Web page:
Al Di La: Local pride in Avondale celebrates Italian cuisine with romance, familiarity
Deidre Schipani – Thursday, January 10, 2013
Al Di La
Cuisine: Northern Italian
Category: Neighborhood Favorite; Date Night
Location: 25 Magnolia Road, West Ashley
Hours: Lunch Tuesday-Friday 11:30 a.m-3 p.m., dinner Tuesday-Saturday 5:30-10 p.m. Happy hour in the bacaro Tuesday-Friday 4:30-6:30 p.m. Bacaro food service 5 p.m.-until
Food: 3 1/2
Service: 3 1/2
Costs: Antipasti $4.50-$9.50, soups $5.25-$5.50, pastas and risottos $11-$16, secondi (entrees) $16-$23, desserts $6.75, daily specials MP. Also bacaro menu, lunch menu.
Vegetarian Options: Yes
Bar: Full-service bar; happy hour specials, wine flights, quartinos (250 ml)
Decibel Level: Varies; animated to moderate.
Wheelchair Access: Yes, but tight passage.
Parking: Yes and neighborhood valet service.
Other: Private events, outdoor patio dining, OpenTable, email@example.com, Facebook. Bacaro, 2013 Restaurant Week $20 and $30 menus. Daily specials MP.
Al Di La, a Northern Italian trattoria, has been a darling of the Avondale neighborhood since 2002, when it was truly a labor of love for then-chef and owner John Marshall.
It birthed the talented chef Michael Scognamiglio, who now operates his own southern Italian eatery, Bacco in Mount Pleasant, and its ownership has passed into the capable hands of Mark and Gillian Kohn.
The Kohns expanded the outdoor patio, added a bacaro, or Venetian working man’s pub, that manages overflow from the restaurant and operates with its own menu of chichetti, or bar snacks.
They fleshed out a lunch menu, stayed the course with the dinner offerings and this fall hired a new chef, Joaquin Bustos.
Bustos is from the Midwest and has more than 20 years of restaurant experience.
He attended the Culinary Institute of America at Greystone in Napa Valley, and he has held chef positions at nationally recognized restaurants such as Grand St. Cafe in Kansas City, Mo.; Yia Yia’s in Memphis, Tenn.; Eau Bistro in St. Louis; Vin Rouge in Durham, N.C.; and Lidia’s Italy in Kansas City, Mo., where he worked under well-known Italian chef Lidia Bastianich.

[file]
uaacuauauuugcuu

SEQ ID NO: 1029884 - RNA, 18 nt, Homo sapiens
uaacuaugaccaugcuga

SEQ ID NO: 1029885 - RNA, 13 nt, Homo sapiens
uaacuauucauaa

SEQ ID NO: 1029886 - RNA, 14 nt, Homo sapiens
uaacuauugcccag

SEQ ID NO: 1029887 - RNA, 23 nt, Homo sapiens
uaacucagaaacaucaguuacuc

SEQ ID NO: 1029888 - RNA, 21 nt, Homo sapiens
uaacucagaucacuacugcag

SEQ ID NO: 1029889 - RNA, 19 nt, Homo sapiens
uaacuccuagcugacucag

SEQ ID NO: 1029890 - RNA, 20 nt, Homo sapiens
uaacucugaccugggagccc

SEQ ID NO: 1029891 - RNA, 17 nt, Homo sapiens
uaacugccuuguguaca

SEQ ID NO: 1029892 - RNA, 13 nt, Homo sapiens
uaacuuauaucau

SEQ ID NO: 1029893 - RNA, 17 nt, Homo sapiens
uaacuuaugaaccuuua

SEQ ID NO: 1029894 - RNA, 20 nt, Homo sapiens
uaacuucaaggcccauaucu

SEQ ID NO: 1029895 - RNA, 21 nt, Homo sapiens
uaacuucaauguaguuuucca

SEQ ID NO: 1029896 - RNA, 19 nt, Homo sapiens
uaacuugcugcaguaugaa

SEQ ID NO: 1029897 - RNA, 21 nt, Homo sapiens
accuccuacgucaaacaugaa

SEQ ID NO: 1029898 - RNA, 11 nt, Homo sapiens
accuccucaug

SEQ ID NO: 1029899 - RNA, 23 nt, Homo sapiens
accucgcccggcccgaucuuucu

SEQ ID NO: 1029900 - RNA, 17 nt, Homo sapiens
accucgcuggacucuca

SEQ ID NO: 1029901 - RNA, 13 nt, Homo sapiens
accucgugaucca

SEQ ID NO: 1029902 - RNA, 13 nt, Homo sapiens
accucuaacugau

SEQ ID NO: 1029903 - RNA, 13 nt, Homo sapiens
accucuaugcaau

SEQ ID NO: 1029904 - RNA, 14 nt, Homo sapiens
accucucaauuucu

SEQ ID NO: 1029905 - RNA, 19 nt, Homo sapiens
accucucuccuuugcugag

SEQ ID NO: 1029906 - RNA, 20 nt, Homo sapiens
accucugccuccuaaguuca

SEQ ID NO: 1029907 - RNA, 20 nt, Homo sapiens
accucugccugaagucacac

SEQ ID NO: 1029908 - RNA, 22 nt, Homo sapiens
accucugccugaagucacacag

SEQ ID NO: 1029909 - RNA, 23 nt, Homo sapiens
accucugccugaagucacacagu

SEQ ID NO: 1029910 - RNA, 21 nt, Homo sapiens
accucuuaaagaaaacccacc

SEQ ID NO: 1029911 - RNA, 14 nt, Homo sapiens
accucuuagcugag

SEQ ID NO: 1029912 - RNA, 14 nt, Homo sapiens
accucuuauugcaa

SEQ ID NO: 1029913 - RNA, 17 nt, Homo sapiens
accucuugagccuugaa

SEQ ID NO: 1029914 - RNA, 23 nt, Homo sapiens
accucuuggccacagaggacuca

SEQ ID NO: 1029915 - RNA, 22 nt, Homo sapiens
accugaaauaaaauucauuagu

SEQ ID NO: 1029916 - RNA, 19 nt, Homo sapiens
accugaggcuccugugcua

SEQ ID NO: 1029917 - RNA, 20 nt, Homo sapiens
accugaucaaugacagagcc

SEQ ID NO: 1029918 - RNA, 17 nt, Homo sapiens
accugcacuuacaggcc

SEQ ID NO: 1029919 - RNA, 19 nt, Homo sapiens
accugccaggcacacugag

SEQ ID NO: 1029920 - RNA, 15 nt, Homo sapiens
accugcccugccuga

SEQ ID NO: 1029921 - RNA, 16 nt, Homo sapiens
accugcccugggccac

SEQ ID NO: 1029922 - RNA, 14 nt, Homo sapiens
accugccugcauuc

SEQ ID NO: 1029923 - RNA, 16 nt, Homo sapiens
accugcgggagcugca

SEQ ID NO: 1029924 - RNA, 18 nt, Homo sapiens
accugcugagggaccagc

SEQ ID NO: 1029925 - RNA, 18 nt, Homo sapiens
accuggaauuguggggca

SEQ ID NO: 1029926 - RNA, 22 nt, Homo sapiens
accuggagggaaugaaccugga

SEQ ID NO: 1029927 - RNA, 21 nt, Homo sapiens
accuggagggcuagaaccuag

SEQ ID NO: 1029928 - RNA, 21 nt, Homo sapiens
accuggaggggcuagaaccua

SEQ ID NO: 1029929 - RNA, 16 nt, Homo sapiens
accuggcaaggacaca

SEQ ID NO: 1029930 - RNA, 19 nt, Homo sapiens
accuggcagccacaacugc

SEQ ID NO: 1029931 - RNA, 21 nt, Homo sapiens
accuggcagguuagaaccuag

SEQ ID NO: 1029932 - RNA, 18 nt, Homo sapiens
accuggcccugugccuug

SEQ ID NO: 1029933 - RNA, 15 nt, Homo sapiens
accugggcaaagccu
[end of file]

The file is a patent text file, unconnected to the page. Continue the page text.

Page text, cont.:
His heritage is Mexican and Italian, and both cultures have schooled him well in the pleasures of the table.
Al Di La continues to make its own bread and pastas. Sausages as well as desserts also are house-made.
The menu embraces the Northern Italian canon and in true Italian fashion celebrates the season on the plate.
Bustos is not tempted by the fancy and the fussy.
Capers may get a crisping oil bath and citrus segments are trimmed into pith-free supremes, but the efforts are in the ingredients, not in arranging or seducing the plate but allowing the dishes to speak in their own idiom.
Tuna crudo ($9.50) was pristine. Its pale pink flesh glossed with parsley oil, tart lemon sections, toasted pine nuts and a fragile tangled topping of micro greens made for a refreshing antipasto of the sea.
Mussels ($8.25) were steamed with sausage and fennel and finished with an anise-based liqueur. Grilled bread slices were a necessary accompaniment to lap at the shores of the well-flavored broth.
Pastas are available in half- and full portions. From classic fettuccine Bolognese ($10.50-$14.50) to strangozzi spoletina ($12-$16), you cannot err on the side of your appetite.
The strangozzi were sauced with sausage, pancetta nuggets, cream, nutmeg and lemon zest.
The dish was hearty and lively with an acid brace of lemon.
The house-made rosemary focaccia is generously replenished to make sopping up the sauces an easy game.
The secondi, or entrees, are varied and speak to both the season and the Lowcountry.
Short ribs are topped with a creative horseradish gremolata — a riff on the traditional lemon-garlic-parsley combination ($23).
Hunter-style chicken is served with local butter beans ($16), and fall vegetables were the companions to all the entrees.
Do try the veal ($18) that is pounded thin and served with skin-on mashed potatoes, pancetta bits and thinly sliced zucchini and yellow squash heaped in a tangle on top of the tender and well-cooked meat.
A neighboring table enjoyed the fresh catch of the day: tilefish and the shrimp and ricotta gnocchi ($11, $15).
Our server was attentive, well-informed of the menu and managed to maintain just the right balance of checking in on our needs.
The wine list is wonderful: A considered portfolio that marries well with the menu and is nicely priced by the glass and quartino.
The kitchen is able to hit the sweet spots of al dente and tender with equal aplomb.
It favors consistency over innovation but has enough twists to keep the interest of its “regulars.”
The cooking is competent, the flavors are pure and the presentation bears the Italian refinement of simplicity. The servers know their way around the menu, and the concise wine list marries the wines to the foods.
Bustos manages to straddle this restaurant’s comfortable past with a trained eye for the future.
Al Di La serves up a side of romance with an equal portion of homey familiarity. Is it any wonder why there is always a line at the door?